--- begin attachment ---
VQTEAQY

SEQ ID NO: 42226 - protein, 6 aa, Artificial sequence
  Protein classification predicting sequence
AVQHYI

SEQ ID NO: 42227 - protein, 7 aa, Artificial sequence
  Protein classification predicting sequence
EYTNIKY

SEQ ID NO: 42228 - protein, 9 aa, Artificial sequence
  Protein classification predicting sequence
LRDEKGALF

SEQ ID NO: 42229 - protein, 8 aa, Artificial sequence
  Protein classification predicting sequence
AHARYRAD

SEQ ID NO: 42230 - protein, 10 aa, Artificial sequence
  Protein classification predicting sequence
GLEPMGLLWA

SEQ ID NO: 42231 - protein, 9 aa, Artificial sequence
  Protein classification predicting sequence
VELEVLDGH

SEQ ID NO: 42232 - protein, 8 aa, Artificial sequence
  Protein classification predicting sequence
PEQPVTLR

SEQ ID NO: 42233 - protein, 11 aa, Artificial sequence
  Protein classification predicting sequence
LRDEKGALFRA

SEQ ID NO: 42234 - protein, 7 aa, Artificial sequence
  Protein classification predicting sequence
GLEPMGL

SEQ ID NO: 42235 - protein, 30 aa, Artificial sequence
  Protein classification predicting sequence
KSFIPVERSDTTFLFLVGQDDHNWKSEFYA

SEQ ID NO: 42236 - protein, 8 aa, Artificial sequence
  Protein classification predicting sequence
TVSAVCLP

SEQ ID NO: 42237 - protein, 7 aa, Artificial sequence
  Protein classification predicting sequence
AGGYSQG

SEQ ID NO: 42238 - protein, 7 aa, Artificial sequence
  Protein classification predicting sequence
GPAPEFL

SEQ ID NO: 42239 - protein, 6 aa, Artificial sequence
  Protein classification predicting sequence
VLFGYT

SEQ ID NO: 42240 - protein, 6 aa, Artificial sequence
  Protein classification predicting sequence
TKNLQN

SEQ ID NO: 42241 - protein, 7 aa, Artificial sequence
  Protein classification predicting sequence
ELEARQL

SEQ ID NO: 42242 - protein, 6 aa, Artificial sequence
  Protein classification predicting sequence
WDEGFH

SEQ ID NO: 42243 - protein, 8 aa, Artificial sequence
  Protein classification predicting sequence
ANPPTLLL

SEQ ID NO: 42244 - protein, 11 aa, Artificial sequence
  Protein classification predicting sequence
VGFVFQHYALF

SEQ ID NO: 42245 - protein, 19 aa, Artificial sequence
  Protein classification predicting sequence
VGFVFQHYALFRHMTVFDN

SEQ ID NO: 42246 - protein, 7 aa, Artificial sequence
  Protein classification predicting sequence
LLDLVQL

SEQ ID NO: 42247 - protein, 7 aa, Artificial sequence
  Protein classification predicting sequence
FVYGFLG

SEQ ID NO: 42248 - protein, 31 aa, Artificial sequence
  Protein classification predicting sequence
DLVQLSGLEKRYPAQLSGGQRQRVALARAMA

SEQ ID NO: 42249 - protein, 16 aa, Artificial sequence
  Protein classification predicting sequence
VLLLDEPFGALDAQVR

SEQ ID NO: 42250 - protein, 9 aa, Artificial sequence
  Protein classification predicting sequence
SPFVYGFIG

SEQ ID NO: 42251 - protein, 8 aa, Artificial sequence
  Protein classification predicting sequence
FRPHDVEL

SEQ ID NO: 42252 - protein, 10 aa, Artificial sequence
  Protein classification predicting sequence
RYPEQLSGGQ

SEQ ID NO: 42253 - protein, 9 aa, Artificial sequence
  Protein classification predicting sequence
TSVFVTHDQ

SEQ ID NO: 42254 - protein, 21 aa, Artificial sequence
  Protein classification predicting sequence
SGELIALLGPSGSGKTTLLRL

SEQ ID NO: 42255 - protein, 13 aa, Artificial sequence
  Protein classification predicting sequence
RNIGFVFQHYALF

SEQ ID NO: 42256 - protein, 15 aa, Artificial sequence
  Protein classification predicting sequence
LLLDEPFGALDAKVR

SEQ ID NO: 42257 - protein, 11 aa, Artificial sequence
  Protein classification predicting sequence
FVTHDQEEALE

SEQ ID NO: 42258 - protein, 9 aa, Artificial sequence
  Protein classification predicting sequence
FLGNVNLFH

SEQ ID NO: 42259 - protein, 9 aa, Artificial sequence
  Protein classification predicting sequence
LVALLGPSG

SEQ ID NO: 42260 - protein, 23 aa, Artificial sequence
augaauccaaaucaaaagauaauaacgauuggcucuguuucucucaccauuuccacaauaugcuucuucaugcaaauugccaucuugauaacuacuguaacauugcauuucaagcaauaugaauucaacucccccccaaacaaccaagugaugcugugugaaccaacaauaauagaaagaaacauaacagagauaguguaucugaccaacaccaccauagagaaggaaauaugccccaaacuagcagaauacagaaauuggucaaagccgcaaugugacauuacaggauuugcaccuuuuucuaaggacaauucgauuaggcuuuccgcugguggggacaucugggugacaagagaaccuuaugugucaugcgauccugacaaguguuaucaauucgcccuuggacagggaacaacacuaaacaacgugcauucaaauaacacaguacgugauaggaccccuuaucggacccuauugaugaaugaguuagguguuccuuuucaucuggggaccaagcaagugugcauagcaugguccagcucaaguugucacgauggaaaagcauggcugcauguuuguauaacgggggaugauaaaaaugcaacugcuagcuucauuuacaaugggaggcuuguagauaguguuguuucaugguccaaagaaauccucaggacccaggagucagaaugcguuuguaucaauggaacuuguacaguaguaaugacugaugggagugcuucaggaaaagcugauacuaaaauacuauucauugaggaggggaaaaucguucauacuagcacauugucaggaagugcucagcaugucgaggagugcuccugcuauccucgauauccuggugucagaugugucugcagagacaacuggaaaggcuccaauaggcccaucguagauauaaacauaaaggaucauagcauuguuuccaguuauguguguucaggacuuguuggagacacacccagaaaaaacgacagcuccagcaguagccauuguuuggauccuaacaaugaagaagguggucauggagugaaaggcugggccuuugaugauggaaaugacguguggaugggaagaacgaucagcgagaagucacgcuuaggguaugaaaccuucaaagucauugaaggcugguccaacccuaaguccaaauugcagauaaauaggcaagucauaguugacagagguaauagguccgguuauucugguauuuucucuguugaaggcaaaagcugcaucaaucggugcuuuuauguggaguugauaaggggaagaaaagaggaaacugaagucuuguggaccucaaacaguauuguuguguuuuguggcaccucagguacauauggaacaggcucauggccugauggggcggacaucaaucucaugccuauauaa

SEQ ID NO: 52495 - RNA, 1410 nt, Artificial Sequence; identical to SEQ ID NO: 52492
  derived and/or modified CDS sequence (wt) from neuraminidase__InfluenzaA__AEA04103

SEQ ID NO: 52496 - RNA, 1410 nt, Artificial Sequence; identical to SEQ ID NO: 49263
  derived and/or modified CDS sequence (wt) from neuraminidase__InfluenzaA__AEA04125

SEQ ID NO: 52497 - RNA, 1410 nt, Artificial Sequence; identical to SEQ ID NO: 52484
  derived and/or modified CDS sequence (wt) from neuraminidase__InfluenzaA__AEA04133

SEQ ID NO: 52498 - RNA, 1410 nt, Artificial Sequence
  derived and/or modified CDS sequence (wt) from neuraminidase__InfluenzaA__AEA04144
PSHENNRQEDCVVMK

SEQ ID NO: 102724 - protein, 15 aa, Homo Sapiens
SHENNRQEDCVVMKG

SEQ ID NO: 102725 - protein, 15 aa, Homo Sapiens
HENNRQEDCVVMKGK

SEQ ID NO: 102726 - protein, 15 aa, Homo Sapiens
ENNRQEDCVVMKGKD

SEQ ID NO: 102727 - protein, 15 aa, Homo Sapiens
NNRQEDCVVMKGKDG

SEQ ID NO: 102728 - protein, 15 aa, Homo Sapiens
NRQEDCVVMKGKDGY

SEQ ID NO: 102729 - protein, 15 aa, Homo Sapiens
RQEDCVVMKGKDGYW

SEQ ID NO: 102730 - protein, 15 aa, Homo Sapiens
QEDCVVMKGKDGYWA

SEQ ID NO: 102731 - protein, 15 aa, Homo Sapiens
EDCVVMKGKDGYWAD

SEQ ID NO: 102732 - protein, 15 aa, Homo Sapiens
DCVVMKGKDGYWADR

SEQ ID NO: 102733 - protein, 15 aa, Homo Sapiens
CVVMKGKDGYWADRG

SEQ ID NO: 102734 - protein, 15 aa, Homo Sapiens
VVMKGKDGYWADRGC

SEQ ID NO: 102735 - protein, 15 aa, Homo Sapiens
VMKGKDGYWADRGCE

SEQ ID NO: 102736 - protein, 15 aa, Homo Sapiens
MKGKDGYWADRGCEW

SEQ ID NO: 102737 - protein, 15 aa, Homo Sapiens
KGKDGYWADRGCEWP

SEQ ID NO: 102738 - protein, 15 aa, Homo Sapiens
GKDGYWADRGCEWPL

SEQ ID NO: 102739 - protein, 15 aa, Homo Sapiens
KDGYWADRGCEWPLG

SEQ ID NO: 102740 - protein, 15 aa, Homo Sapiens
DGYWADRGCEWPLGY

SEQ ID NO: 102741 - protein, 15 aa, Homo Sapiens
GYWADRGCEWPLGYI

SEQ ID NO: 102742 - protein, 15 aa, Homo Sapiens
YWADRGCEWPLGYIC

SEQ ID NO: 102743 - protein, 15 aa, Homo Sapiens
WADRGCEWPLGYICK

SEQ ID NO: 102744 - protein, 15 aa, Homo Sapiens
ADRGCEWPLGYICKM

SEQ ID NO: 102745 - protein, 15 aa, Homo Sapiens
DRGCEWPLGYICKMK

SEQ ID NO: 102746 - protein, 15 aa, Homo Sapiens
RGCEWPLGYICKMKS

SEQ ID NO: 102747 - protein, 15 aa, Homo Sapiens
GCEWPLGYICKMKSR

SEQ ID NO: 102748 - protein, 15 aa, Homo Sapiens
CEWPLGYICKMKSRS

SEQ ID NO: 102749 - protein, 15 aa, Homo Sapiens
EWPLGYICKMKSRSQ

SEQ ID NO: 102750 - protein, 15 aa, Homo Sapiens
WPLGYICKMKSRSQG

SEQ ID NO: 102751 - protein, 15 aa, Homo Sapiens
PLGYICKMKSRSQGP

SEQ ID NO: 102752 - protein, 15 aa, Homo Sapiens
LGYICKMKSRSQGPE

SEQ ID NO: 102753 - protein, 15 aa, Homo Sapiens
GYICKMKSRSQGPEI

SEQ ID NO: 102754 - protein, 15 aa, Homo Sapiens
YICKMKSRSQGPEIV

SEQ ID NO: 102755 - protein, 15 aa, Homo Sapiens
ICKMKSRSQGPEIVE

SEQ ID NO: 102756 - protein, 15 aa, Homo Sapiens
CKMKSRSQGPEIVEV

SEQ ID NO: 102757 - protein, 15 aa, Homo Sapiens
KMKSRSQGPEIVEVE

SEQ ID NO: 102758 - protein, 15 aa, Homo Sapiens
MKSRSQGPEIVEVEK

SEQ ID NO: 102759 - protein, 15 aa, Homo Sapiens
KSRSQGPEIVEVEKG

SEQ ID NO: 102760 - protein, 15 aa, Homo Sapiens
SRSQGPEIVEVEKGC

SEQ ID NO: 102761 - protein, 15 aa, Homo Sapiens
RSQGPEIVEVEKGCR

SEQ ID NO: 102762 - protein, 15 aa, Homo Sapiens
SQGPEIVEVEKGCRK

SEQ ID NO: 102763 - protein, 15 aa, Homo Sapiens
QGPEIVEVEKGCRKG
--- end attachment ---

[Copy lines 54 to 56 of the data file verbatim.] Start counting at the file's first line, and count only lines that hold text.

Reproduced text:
  Protein classification predicting sequence
ANPPTLLL

SEQ ID NO: 42244 - protein, 11 aa, Artificial sequence